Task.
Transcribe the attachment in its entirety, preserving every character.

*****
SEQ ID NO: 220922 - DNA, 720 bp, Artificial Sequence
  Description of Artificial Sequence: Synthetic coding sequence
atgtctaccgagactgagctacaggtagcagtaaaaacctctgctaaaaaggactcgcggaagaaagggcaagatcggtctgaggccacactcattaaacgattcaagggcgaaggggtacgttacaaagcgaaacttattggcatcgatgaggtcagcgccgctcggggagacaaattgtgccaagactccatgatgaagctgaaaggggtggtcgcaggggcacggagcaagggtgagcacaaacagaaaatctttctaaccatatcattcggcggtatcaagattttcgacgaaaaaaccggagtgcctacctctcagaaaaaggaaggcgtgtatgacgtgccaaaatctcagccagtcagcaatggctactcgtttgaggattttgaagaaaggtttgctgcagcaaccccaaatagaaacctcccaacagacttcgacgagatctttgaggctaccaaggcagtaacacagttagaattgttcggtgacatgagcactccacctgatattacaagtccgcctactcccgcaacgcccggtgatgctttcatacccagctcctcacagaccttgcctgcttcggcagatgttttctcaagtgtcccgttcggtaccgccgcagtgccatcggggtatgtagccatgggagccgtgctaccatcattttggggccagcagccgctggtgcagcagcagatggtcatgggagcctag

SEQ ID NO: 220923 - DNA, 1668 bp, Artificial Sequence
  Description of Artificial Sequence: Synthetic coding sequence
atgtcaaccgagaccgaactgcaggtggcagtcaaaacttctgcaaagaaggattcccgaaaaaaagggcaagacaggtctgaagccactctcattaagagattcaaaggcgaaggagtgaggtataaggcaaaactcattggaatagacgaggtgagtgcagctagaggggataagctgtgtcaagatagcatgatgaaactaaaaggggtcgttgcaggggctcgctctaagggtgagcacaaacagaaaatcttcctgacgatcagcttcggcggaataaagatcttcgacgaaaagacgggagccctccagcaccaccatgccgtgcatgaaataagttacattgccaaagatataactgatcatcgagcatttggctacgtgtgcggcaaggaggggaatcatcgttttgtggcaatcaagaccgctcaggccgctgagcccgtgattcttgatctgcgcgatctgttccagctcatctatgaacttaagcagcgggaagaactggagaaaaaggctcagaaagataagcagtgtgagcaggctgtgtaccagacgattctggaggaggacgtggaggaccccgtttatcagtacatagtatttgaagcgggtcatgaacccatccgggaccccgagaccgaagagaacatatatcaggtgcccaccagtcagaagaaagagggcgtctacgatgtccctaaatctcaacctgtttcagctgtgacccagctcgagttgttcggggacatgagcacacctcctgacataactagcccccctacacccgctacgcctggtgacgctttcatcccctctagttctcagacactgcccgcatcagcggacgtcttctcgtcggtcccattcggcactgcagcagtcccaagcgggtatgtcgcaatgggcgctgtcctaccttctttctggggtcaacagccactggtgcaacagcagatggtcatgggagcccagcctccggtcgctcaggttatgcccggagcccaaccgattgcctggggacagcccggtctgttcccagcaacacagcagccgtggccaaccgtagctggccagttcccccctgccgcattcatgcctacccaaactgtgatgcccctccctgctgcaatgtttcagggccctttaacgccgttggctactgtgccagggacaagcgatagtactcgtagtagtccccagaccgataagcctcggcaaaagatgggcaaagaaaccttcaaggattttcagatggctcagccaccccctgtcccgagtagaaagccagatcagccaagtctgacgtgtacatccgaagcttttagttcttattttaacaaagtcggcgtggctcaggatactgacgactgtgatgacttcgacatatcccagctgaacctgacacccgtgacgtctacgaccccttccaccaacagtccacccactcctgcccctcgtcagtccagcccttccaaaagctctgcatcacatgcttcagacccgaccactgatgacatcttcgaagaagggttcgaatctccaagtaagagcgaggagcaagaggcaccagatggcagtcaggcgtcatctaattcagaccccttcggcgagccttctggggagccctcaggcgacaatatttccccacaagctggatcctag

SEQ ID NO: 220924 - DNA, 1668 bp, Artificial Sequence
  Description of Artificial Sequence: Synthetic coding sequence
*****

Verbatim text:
SEQ ID NO: 220922 - DNA, 720 bp, Artificial Sequence
  Description of Artificial Sequence: Synthetic coding sequence
atgtctaccgagactgagctacaggtagcagtaaaaacctctgctaaaaaggactcgcggaagaaagggcaagatcggtctgaggccacactcattaaacgattcaagggcgaaggggtacgttacaaagcgaaacttattggcatcgatgaggtcagcgccgctcggggagacaaattgtgccaagactccatgatgaagctgaaaggggtggtcgcaggggcacggagcaagggtgagcacaaacagaaaatctttctaaccatatcattcggcggtatcaagattttcgacgaaaaaaccggagtgcctacctctcagaaaaaggaaggcgtgtatgacgtgccaaaatctcagccagtcagcaatggctactcgtttgaggattttgaagaaaggtttgctgcagcaaccccaaatagaaacctcccaacagacttcgacgagatctttgaggctaccaaggcagtaacacagttagaattgttcggtgacatgagcactccacctgatattacaagtccgcctactcccgcaacgcccggtgatgctttcatacccagctcctcacagaccttgcctgcttcggcagatgttttctcaagtgtcccgttcggtaccgccgcagtgccatcggggtatgtagccatgggagccgtgctaccatcattttggggccagcagccgctggtgcagcagcagatggtcatgggagcctag

SEQ ID NO: 220923 - DNA, 1668 bp, Artificial Sequence
  Description of Artificial Sequence: Synthetic coding sequence
atgtcaaccgagaccgaactgcaggtggcagtcaaaacttctgcaaagaaggattcccgaaaaaaagggcaagacaggtctgaagccactctcattaagagattcaaaggcgaaggagtgaggtataaggcaaaactcattggaatagacgaggtgagtgcagctagaggggataagctgtgtcaagatagcatgatgaaactaaaaggggtcgttgcaggggctcgctctaagggtgagcacaaacagaaaatcttcctgacgatcagcttcggcggaataaagatcttcgacgaaaagacgggagccctccagcaccaccatgccgtgcatgaaataagttacattgccaaagatataactgatcatcgagcatttggctacgtgtgcggcaaggaggggaatcatcgttttgtggcaatcaagaccgctcaggccgctgagcccgtgattcttgatctgcgcgatctgttccagctcatctatgaacttaagcagcgggaagaactggagaaaaaggctcagaaagataagcagtgtgagcaggctgtgtaccagacgattctggaggaggacgtggaggaccccgtttatcagtacatagtatttgaagcgggtcatgaacccatccgggaccccgagaccgaagagaacatatatcaggtgcccaccagtcagaagaaagagggcgtctacgatgtccctaaatctcaacctgtttcagctgtgacccagctcgagttgttcggggacatgagcacacctcctgacataactagcccccctacacccgctacgcctggtgacgctttcatcccctctagttctcagacactgcccgcatcagcggacgtcttctcgtcggtcccattcggcactgcagcagtcccaagcgggtatgtcgcaatgggcgctgtcctaccttctttctggggtcaacagccactggtgcaacagcagatggtcatgggagcccagcctccggtcgctcaggttatgcccggagcccaaccgattgcctggggacagcccggtctgttcccagcaacacagcagccgtggccaaccgtagctggccagttcccccctgccgcattcatgcctacccaaactgtgatgcccctccctgctgcaatgtttcagggccctttaacgccgttggctactgtgccagggacaagcgatagtactcgtagtagtccccagaccgataagcctcggcaaaagatgggcaaagaaaccttcaaggattttcagatggctcagccaccccctgtcccgagtagaaagccagatcagccaagtctgacgtgtacatccgaagcttttagttcttattttaacaaagtcggcgtggctcaggatactgacgactgtgatgacttcgacatatcccagctgaacctgacacccgtgacgtctacgaccccttccaccaacagtccacccactcctgcccctcgtcagtccagcccttccaaaagctctgcatcacatgcttcagacccgaccactgatgacatcttcgaagaagggttcgaatctccaagtaagagcgaggagcaagaggcaccagatggcagtcaggcgtcatctaattcagaccccttcggcgagccttctggggagccctcaggcgacaatatttccccacaagctggatcctag

SEQ ID NO: 220924 - DNA, 1668 bp, Artificial Sequence
  Description of Artificial Sequence: Synthetic coding sequence